Funding agencies: This study was funded by a grant from the Obesity Society and Nutrisystem, Inc.
A Pilot Internet-Based Behavioral Weight Loss Intervention with or without Commercially Available Portion-Controlled Foods
Article first published online: 2 JUL 2013
Copyright © 2013 The Obesity Society
Volume 21, Issue 9, pages E354–E359, September 2013
How to Cite
Webber, K. H. and Rose, S. A. (2013), A Pilot Internet-Based Behavioral Weight Loss Intervention with or without Commercially Available Portion-Controlled Foods. Obesity, 21: E354–E359. doi: 10.1002/oby.20331
- Issue published online: 23 SEP 2013
- Article first published online: 2 JUL 2013
- Accepted manuscript online: 14 FEB 2013 07:16AM EST
- Manuscript Received: 13 JUL 2012
- Manuscript Accepted: 14 FEB 2012
- Obesity Society and Nutrisystem, Inc
Objective: To evaluate the short-term impact of portion-controlled food provision in combination with an Internet behavioral weight loss program on weight, blood cholesterol, and blood glucose levels.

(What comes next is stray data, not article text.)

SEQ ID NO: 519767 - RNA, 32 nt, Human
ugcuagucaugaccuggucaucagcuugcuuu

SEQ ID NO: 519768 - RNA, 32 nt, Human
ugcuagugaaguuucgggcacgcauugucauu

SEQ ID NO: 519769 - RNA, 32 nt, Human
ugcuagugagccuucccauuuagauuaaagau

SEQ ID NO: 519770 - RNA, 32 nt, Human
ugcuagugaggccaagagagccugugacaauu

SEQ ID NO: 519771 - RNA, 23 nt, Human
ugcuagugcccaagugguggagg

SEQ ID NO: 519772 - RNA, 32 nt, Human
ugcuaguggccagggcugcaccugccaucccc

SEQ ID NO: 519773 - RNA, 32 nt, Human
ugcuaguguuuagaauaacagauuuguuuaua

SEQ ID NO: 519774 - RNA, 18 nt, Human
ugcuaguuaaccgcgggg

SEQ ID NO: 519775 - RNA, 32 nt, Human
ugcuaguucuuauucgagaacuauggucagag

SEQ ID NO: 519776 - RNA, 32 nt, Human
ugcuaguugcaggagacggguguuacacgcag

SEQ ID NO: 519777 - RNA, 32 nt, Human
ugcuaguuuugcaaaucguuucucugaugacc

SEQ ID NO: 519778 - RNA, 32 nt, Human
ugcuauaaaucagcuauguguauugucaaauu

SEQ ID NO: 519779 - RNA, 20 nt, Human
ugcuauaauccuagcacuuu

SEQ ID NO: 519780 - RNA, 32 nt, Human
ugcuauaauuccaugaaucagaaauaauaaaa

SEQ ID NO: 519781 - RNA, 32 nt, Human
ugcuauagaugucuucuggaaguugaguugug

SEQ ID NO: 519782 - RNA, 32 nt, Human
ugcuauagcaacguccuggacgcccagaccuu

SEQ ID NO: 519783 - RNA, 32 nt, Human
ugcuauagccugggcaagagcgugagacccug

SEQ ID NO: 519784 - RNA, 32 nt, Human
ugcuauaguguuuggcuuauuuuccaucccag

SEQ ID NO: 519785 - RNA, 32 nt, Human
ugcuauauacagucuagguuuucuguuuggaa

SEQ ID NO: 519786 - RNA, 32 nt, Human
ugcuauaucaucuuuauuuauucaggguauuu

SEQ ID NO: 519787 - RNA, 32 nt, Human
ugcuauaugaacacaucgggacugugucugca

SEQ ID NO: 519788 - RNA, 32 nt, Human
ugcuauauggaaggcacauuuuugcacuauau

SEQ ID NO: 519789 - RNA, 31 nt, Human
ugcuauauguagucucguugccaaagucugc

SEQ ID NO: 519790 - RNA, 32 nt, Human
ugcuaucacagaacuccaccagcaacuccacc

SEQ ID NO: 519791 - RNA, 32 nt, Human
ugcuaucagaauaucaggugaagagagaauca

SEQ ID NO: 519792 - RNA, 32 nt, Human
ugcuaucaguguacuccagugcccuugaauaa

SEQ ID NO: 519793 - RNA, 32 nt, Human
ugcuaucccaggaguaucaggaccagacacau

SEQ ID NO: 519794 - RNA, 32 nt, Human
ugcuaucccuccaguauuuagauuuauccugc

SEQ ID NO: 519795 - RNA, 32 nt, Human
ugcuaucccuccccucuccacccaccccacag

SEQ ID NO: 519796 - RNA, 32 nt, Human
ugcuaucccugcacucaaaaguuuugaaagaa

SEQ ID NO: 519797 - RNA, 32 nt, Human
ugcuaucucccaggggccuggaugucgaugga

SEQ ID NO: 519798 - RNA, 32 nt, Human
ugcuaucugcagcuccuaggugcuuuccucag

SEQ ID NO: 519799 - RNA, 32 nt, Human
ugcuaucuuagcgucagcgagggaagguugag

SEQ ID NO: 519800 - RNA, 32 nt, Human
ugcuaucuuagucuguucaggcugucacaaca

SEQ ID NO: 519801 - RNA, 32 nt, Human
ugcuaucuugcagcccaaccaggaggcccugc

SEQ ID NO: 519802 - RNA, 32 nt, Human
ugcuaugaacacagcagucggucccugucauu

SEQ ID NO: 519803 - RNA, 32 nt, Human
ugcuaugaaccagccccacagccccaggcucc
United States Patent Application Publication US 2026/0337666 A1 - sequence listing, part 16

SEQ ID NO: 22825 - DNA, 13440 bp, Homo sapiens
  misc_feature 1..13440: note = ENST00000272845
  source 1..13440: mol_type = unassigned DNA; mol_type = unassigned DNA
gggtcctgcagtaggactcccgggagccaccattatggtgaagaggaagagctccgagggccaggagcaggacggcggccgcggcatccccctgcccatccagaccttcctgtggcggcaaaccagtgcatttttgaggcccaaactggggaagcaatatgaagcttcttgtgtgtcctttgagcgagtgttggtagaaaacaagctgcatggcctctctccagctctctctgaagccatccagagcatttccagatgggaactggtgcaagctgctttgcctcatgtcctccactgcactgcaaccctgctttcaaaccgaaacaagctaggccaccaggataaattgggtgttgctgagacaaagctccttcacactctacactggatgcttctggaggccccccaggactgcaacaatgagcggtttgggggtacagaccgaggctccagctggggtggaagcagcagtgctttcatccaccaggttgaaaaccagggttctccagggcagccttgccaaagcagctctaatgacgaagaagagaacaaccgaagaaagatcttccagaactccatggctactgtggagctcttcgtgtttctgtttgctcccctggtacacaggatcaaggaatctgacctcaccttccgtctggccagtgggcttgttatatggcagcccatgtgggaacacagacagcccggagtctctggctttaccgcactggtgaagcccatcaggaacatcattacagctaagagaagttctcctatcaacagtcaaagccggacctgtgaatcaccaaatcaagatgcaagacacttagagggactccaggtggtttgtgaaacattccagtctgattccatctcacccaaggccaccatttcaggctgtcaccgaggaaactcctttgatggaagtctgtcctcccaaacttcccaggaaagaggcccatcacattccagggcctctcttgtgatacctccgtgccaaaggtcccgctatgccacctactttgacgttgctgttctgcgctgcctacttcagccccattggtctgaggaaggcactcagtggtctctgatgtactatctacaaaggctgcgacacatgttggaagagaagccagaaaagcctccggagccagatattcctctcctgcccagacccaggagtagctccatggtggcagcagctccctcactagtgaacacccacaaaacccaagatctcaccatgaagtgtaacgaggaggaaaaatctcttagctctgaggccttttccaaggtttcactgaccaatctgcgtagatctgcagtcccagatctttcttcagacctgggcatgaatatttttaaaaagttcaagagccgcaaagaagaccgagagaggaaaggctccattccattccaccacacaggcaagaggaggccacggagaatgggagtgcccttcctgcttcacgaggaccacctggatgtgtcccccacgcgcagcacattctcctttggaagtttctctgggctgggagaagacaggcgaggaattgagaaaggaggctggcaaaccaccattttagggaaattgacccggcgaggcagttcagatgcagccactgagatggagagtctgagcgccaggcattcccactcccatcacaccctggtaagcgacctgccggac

Design and Methods: Fifty participants, mean age 46 ± 10.7 years and mean body mass index 35.1 ± 3.8 kg/m2, were randomized to one of two study groups, an Internet behavioral weight loss program (Internet-alone; n = 25) or an Internet behavioral weight loss program plus a commercially available portion-controlled diet (Internet + PCD; n = 25) for 12 weeks.
Results: An intent-to-treat analysis found that the mean weight change in the Internet + PCD group was −5.7 ± 5.6 kg and in the Internet-alone group (n = 25) was −4.1 ± 4.0 kg (P = 0.26). Participants in the Internet + PCD group achieved significantly greater improvements in blood glucose (−2.6 ± 5.7 vs. 1.4 ± 11.0 mg/dl; P = 0.05) and LDL cholesterol (−8.2 ± 18.0 vs. −0.6 ± 21.0 mg/dl; P = 0.04), compared with Internet-alone group.
Conclusions: These data suggest that there may be short-term clinical benefit in using a PCD in conjunction with a behavioral Internet-based weight loss program to enhance weight loss and improve health indicators.